Ripping Yorkshire

The final leg of our great north run saw us in England’s ‘second’ capital  – variously called Eboracum by the Romans, Eoforwic by the Saxons, Yorvik by the Vikings, Everwic by the Normans, then on to Yerk, Yourke, Yarke and finally – York. The city has an ancient pedigree, medieval city walls to march round, a higgledy-piggledy heart and a gigantic Gothic minster dominating the skyline.

York has fascination around every corner – who knew that Constantine the Great was proclaimed Roman Emperor there in 306 AD? But, unsurprisingly, it’s also packed with tourists from just about everywhere. After an hour or two weaving through the international swarm, we were relieved to find a traditional Italian to fill our bellies and rest our tired old hides. Of course, the over-indulgence of the previous three days in Knaresborough might have had something to do with it.

The pasta was delicious as was the hair of the dog that washed it down.

Tatty and Batty Knaresborough

Tatty and Batty Knaresborough

The heatwave is just a distant memory and autumn is here. The mugging sun has given way to pearly skies and so, before we whack up the heat, roll out the winter duvet and drop into hibernation, we decided on another northern recce. Last year, we spent a few boozy days in Leeds with a whistle stop at Knaresborough thrown into the mix. We were so enamoured with the little town, this time we lodged there for a few days to get a fuller flavour. I was also on a mission to catch up with an old friend I hadn’t seen for more than a decade. She got hitched in nearby Harrogate in 2004 and I attended the nuptials. After our last jaunt, I discovered she now lives in Knaresborough with her beau and assorted kids. I kicked myself for not catching up at the time and I wasn’t about to make the same mistake.

Jack in Harrogate 2003

Me in 2004 – I’ve not changed a bit! And yes, I was a little drunk!

And catch up we did with a vengeance – at a local hostelry when we arrived, for a slice of Victoria sponge down by the river Nidd the next day and a home-cooked lamb roast the evening after. We nattered, we drank, we laughed. The organised chaos of family life was pure joy.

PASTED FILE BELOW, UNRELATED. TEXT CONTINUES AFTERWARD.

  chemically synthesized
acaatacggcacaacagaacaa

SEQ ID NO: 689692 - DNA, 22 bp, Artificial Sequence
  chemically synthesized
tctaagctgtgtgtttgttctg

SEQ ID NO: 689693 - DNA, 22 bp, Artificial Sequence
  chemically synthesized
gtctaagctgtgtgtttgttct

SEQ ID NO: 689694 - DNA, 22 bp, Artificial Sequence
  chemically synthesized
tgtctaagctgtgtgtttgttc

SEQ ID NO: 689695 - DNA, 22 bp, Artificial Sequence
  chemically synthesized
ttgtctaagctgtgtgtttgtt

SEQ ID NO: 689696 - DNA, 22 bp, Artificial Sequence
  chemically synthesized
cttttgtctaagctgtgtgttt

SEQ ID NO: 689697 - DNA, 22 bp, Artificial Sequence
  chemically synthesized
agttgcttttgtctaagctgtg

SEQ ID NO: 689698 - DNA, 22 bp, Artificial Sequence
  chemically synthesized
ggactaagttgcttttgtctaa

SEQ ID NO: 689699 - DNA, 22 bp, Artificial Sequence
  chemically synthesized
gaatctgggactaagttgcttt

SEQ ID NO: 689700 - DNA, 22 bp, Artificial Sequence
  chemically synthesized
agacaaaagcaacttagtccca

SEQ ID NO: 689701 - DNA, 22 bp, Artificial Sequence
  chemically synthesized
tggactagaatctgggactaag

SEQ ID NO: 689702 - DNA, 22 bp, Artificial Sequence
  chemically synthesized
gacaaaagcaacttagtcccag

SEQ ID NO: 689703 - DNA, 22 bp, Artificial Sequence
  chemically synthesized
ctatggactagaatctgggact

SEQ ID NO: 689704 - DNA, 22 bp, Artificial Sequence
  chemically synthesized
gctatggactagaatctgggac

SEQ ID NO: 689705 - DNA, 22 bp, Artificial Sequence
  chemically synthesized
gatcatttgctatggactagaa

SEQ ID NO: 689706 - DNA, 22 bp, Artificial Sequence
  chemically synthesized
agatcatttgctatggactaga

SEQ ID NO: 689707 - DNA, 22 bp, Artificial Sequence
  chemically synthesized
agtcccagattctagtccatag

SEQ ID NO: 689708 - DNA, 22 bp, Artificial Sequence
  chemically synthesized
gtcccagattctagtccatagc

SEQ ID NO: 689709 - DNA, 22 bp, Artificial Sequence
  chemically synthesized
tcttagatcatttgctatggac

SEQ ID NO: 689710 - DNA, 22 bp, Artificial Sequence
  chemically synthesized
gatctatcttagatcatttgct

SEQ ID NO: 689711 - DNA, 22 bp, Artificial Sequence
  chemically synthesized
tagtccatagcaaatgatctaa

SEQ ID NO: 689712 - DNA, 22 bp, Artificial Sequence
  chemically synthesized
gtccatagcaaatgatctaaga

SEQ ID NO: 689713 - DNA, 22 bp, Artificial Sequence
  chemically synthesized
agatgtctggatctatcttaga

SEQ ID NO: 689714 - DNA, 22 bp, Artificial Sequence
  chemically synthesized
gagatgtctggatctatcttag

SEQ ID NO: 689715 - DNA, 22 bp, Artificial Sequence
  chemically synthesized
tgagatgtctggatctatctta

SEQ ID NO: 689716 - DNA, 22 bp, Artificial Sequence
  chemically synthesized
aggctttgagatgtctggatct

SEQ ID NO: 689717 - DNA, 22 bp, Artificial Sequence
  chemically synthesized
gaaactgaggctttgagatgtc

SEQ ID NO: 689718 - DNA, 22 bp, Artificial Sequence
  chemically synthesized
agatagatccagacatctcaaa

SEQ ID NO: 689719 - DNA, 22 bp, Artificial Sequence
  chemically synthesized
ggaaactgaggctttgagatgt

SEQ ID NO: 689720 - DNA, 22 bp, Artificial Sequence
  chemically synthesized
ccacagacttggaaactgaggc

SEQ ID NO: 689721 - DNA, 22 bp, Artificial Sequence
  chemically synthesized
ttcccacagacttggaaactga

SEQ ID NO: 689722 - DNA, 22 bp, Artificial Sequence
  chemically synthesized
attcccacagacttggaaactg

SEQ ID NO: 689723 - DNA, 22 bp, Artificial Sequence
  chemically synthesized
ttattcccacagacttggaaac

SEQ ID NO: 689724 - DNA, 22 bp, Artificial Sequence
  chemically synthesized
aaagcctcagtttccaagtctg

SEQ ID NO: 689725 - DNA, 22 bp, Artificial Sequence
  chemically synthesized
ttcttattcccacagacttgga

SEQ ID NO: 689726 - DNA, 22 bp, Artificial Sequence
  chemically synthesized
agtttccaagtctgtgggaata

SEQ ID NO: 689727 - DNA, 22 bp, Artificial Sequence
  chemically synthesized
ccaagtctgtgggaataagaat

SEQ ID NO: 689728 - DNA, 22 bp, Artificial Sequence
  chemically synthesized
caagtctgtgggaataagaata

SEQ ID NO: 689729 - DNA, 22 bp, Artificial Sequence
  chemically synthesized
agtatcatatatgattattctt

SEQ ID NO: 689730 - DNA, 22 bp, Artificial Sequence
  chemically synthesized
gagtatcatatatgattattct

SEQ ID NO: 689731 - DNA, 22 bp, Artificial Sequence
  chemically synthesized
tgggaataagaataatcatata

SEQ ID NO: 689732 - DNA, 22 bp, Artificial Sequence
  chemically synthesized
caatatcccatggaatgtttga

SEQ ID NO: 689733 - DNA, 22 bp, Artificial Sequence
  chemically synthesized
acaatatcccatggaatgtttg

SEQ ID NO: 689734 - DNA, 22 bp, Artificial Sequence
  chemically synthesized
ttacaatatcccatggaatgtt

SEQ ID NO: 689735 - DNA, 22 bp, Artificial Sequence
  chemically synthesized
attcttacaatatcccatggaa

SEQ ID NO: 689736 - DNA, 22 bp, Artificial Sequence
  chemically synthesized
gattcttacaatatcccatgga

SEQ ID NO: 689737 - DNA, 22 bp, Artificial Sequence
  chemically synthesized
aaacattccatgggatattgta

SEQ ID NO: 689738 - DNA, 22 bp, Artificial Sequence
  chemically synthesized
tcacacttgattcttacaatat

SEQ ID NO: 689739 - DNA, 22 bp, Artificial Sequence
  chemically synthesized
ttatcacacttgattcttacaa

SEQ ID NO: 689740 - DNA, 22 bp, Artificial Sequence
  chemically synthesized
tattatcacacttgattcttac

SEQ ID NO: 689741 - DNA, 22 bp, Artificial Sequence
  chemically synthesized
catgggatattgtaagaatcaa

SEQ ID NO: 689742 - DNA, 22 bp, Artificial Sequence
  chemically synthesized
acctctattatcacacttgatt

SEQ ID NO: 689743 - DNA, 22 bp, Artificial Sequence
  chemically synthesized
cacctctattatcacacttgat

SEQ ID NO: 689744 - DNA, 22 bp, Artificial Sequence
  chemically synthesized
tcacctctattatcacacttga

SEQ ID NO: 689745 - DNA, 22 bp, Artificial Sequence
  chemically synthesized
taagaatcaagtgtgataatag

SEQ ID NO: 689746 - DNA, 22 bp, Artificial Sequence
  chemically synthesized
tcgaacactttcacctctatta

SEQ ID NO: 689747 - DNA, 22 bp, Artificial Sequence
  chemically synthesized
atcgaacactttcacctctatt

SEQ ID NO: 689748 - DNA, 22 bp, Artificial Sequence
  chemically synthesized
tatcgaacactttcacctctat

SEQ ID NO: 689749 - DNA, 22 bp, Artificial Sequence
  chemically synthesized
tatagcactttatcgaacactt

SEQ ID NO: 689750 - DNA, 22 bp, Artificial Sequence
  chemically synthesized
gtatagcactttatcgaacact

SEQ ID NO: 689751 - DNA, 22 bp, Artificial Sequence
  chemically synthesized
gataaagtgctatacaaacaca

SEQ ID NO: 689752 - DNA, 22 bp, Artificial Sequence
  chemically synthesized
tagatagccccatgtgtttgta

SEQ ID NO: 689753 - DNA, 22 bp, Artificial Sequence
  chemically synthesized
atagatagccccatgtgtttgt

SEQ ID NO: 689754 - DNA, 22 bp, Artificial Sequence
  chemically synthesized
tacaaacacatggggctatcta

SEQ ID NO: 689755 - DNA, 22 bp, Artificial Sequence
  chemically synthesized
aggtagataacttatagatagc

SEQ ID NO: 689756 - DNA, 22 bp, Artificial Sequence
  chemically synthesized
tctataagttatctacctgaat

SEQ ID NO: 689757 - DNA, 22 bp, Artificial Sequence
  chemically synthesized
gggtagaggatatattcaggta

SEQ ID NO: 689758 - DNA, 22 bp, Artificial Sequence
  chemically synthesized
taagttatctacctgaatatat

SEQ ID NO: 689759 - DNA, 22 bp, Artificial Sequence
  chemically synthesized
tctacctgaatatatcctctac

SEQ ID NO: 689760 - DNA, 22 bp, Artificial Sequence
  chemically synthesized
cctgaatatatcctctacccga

Ramped to the rafters with independent shops and watering holes, Knaresborough has been little troubled by the relentless march of corporate chains dominating most high streets these days. Long may that be so. We also jumped on a bus to handsome Harrogate for a spot of lunch. The Victorian town is uber-elegant but a bit too coiffured for my liking – more set, blow and dry when compared to Knaresborough’s quirky curls.

And so to the snaps…

It rained a bit. Well that’s the north for you. When circumstances allow, we could be looking for somewhere new to lay our cloth caps. The little batty and tatty town is still at the top of the leader board. I might even get a whippet.

It’s a Sin

It’s a Sin

It’s my habit to pop out for a mid-morning coffee following the torture at the gym. One sunny day I parked myself outside a café to rest my weary bones, sip my americano, scan my newspaper and watch the ebb and flow of the eclectic crowd. A sallow-faced, reedy man plonked himself down in front of me. He was playing Rick Astley’s ‘Never Gonna Give You Up’ on his phone – not too loud to cause a stir but loud enough to raise eyebrows.

A silver-haired old chap with a walking stick shuffled past.

‘Like the music?’ he asked.

‘It’s fine,’ I replied. ‘I don’t mind a bit of Rick.’

‘Some Pet Shop Boys would be nicer,’ he said with a wink.

I tend to agree. And so to the Pet Shop Boys anthem which was the soundtrack to many a young man’s coming out back in the day.

Fancy a Curry?

Fancy a Curry?

And what better place to have one than Brick Lane in London, the curry capital of the UK and popularly known as Banglatown? The area has seen successive waves of immigrants down the centuries – French Huguenots fleeing religious persecution, East European Jews escaping murderous pogroms and, more recently, Bangladeshis seeking work in the sweat shops of the rag trade. There’s no greater symbol of this evolution than the Brick Lane Jamme Masjid, a Grade II listed Georgian building which has gone from church to synagogue and now to mosque. Forget the messy Brexit, for me, it represents what London is all about.